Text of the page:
Synopsis: This is a story about a rock-star’s daughter and her turbulent life.
Author: Nora Roberts
Living in a glass house? Life in the fish-bowl? That would be pretty suffocating, wouldn’t it? Ask Emma McAvoy, daughter of Brian McAvoy, the lead singer of Devastation. Every move is watched by the paparazzi, the gossip magazines and the public. But few people know the true Emma. The ‘inside story’ that made her who and what she is. It’s an interesting ride. So sit back, relax and enjoy.
Emma was certainly one of the best characters I’ve ever read. She’s intelligent, strong and certainly a survivor. She’s never had an easy life. Brian rescued Emma from her abusive mother. He gave her a better life, but tragedy seems to follow Emma just when life starts to go well for her. Emma goes thru a number of sad occasions in her life–abuse, death of loved ones, many different homes, a destructive marriage, constant nightmares etc. Whoa! Emma has gone thru a lot. And I feel a lot of sympathy for her. She handles all of this very well. Adding the ‘celebrity’ angle was a very interesting touch, making a good story even better. There were many times where I thought, “Please. She’s been thru enough. Stop it!” The character of Emma was very well-written. So were the people who were her support system. The characters–Brian, Bev, Johnno, P.M., Stevie, Michael, and even little Darren–were all fleshed out and felt like real people. The villains were also well-written and creepy. But of course, the best character was Emma herself because this was her story.
The story takes place in many different places over a 20-year period. Sometimes, I hate it when a book, movie or TV show is too long. Because then you’ve lost interest, and have a rather uncomfortable pillow. In this case, however, the length was perfect. I would be hard to tell the story in 200-300 pages. It was like looking into someone’s else life. No. Better. It was like being a part of several people’s lives. You never feel bored for a second. Certain characters, you grow to like more and more with each turn of the page. Nora Roberts did a fantastic job here. But the novel tends to get a little too dark and depressing sometimes. For a second, you wanna stop reading. You can’t however. You have to know what happens next.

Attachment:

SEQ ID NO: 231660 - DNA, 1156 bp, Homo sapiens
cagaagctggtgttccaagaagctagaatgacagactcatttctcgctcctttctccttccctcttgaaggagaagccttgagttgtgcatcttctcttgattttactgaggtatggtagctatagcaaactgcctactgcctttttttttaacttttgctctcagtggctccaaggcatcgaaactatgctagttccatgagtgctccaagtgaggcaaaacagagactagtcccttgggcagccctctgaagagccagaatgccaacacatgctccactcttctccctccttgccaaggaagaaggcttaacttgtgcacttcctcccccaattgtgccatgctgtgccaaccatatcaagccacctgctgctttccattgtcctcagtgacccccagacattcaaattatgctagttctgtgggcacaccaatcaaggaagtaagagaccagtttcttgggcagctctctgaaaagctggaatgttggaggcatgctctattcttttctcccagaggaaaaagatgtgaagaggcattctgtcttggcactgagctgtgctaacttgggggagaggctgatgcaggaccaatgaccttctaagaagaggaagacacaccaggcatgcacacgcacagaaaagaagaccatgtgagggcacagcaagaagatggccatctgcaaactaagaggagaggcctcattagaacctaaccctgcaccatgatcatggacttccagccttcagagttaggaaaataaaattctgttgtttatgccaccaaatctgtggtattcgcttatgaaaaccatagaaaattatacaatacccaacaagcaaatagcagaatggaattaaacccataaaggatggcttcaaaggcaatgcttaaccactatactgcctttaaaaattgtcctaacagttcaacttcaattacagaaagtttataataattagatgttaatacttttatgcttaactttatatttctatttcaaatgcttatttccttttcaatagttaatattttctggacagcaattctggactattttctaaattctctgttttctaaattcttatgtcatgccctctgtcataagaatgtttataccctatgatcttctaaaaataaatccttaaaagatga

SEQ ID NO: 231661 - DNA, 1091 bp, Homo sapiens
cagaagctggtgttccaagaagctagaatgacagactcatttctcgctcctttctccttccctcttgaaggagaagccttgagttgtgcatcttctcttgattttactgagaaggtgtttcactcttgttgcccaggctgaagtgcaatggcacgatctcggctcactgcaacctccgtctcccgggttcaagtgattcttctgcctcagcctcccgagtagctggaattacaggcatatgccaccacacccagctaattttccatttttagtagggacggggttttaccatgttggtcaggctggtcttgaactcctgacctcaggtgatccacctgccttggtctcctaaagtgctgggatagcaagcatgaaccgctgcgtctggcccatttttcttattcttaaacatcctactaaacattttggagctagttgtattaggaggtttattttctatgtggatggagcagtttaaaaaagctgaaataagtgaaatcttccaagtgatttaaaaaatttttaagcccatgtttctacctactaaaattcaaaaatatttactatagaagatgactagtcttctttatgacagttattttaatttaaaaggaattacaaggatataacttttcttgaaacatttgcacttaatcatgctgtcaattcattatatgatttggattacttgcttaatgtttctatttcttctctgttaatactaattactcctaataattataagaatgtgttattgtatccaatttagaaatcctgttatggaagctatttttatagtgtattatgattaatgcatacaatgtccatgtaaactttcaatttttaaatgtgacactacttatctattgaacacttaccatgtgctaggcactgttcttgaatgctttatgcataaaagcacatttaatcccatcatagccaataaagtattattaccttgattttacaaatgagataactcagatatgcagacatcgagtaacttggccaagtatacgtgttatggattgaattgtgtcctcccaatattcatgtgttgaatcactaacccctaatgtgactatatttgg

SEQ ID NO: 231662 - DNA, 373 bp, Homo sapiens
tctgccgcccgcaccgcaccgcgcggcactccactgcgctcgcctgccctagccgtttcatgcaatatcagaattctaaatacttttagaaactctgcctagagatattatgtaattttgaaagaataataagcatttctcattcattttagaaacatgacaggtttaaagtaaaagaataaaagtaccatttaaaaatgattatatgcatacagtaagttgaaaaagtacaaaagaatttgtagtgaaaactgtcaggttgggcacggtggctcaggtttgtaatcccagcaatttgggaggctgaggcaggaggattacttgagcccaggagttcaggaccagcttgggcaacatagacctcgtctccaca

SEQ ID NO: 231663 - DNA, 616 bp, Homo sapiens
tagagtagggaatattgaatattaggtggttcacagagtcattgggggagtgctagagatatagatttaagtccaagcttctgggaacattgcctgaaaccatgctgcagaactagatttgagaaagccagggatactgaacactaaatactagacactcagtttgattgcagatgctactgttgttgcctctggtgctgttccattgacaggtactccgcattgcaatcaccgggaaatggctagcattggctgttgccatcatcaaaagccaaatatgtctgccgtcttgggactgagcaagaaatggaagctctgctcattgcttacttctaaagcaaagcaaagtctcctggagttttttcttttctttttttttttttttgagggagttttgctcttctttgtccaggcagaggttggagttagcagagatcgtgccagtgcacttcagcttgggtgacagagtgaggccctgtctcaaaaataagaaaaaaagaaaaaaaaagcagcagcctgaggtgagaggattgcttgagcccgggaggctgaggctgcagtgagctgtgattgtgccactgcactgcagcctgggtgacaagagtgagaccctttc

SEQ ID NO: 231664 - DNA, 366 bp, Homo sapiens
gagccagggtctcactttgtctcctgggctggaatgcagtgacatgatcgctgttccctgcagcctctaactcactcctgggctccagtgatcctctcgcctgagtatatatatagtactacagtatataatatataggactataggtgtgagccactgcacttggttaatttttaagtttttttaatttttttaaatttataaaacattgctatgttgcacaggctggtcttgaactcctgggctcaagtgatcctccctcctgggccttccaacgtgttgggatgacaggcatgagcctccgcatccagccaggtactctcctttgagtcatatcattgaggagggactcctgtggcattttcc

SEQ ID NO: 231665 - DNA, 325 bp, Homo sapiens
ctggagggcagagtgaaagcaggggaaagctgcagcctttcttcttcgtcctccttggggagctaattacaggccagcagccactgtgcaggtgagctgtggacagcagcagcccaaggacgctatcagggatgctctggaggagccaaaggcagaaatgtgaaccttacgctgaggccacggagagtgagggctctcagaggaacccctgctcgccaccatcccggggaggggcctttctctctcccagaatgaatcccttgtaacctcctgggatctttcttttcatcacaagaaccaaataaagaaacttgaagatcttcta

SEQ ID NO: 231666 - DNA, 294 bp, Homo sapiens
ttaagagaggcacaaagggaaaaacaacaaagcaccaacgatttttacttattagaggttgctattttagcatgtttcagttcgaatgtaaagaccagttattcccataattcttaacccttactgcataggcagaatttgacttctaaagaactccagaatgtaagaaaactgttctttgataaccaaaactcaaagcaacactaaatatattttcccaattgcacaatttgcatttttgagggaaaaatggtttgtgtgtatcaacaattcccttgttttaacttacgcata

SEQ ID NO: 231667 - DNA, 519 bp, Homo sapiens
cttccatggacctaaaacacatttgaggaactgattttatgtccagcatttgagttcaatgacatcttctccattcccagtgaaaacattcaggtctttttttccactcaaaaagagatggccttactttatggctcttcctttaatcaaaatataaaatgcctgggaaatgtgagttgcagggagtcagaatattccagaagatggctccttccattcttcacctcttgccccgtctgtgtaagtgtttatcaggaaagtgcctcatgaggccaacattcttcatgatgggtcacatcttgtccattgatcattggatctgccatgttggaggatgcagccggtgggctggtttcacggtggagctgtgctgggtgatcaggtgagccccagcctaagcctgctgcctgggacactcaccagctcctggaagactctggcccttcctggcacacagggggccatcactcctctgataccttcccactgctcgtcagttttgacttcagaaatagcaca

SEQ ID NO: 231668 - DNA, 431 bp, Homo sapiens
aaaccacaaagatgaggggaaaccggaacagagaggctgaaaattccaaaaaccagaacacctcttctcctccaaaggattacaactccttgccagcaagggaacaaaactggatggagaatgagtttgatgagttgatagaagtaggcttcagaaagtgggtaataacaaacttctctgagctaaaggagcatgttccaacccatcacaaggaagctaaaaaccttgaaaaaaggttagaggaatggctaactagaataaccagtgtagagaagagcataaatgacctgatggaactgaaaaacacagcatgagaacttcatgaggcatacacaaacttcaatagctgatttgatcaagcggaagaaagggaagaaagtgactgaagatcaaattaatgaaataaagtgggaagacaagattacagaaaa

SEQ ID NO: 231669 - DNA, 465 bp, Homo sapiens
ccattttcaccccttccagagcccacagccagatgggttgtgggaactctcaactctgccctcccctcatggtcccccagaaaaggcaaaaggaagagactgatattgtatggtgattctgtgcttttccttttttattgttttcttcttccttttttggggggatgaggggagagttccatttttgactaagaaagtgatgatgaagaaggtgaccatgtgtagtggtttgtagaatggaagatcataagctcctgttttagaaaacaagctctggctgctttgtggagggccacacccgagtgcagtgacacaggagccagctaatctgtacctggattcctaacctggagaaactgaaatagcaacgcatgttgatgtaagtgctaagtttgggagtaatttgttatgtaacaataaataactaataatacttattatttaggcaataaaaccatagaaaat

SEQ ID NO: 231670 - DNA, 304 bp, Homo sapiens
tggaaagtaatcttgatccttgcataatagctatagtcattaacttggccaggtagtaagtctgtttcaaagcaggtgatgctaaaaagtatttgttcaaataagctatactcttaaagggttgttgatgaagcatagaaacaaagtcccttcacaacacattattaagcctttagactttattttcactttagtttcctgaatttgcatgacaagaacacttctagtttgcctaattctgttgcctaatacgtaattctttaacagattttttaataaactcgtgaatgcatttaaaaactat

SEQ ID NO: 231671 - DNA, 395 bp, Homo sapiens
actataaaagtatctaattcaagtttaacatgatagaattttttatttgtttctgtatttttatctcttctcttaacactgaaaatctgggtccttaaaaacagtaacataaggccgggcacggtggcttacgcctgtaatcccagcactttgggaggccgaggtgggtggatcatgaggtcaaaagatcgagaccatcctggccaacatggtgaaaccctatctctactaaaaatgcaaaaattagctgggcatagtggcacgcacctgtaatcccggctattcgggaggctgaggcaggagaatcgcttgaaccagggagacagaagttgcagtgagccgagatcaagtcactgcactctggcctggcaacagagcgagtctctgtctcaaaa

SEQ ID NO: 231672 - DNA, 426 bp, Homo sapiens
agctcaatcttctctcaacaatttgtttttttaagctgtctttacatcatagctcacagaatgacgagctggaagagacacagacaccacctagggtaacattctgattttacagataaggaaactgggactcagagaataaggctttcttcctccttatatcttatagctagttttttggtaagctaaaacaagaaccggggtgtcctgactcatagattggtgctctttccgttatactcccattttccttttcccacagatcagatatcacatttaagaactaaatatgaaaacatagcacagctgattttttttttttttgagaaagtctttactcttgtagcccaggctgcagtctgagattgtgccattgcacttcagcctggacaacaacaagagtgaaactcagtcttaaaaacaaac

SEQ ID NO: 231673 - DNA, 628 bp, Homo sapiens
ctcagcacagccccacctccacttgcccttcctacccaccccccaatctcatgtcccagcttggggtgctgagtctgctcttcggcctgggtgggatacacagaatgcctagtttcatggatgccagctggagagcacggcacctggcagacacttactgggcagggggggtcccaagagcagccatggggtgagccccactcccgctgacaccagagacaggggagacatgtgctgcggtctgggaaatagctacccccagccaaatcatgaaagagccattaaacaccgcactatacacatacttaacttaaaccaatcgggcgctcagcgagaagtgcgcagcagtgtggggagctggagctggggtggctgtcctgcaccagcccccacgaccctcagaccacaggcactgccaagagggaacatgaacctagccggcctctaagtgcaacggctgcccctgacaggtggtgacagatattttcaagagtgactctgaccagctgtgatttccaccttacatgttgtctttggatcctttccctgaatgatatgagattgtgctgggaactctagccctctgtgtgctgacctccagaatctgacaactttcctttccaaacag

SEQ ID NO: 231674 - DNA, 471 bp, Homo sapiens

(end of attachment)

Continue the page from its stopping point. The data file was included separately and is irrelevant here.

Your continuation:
“Public Secrets” was published in 1990. But the stories are relevant for any time period. It goes into dark, saddening territory sometimes. It can be hard to read. But if you’re fine with that, you may like this book. Ultimately, almost everyone gets what they deserve in the end–good and bad. I highly recommend this book, and give it a 8 out of 10. You can find it at amazon.com, Barnes & Noble and other online bookstores. Contains graphic material.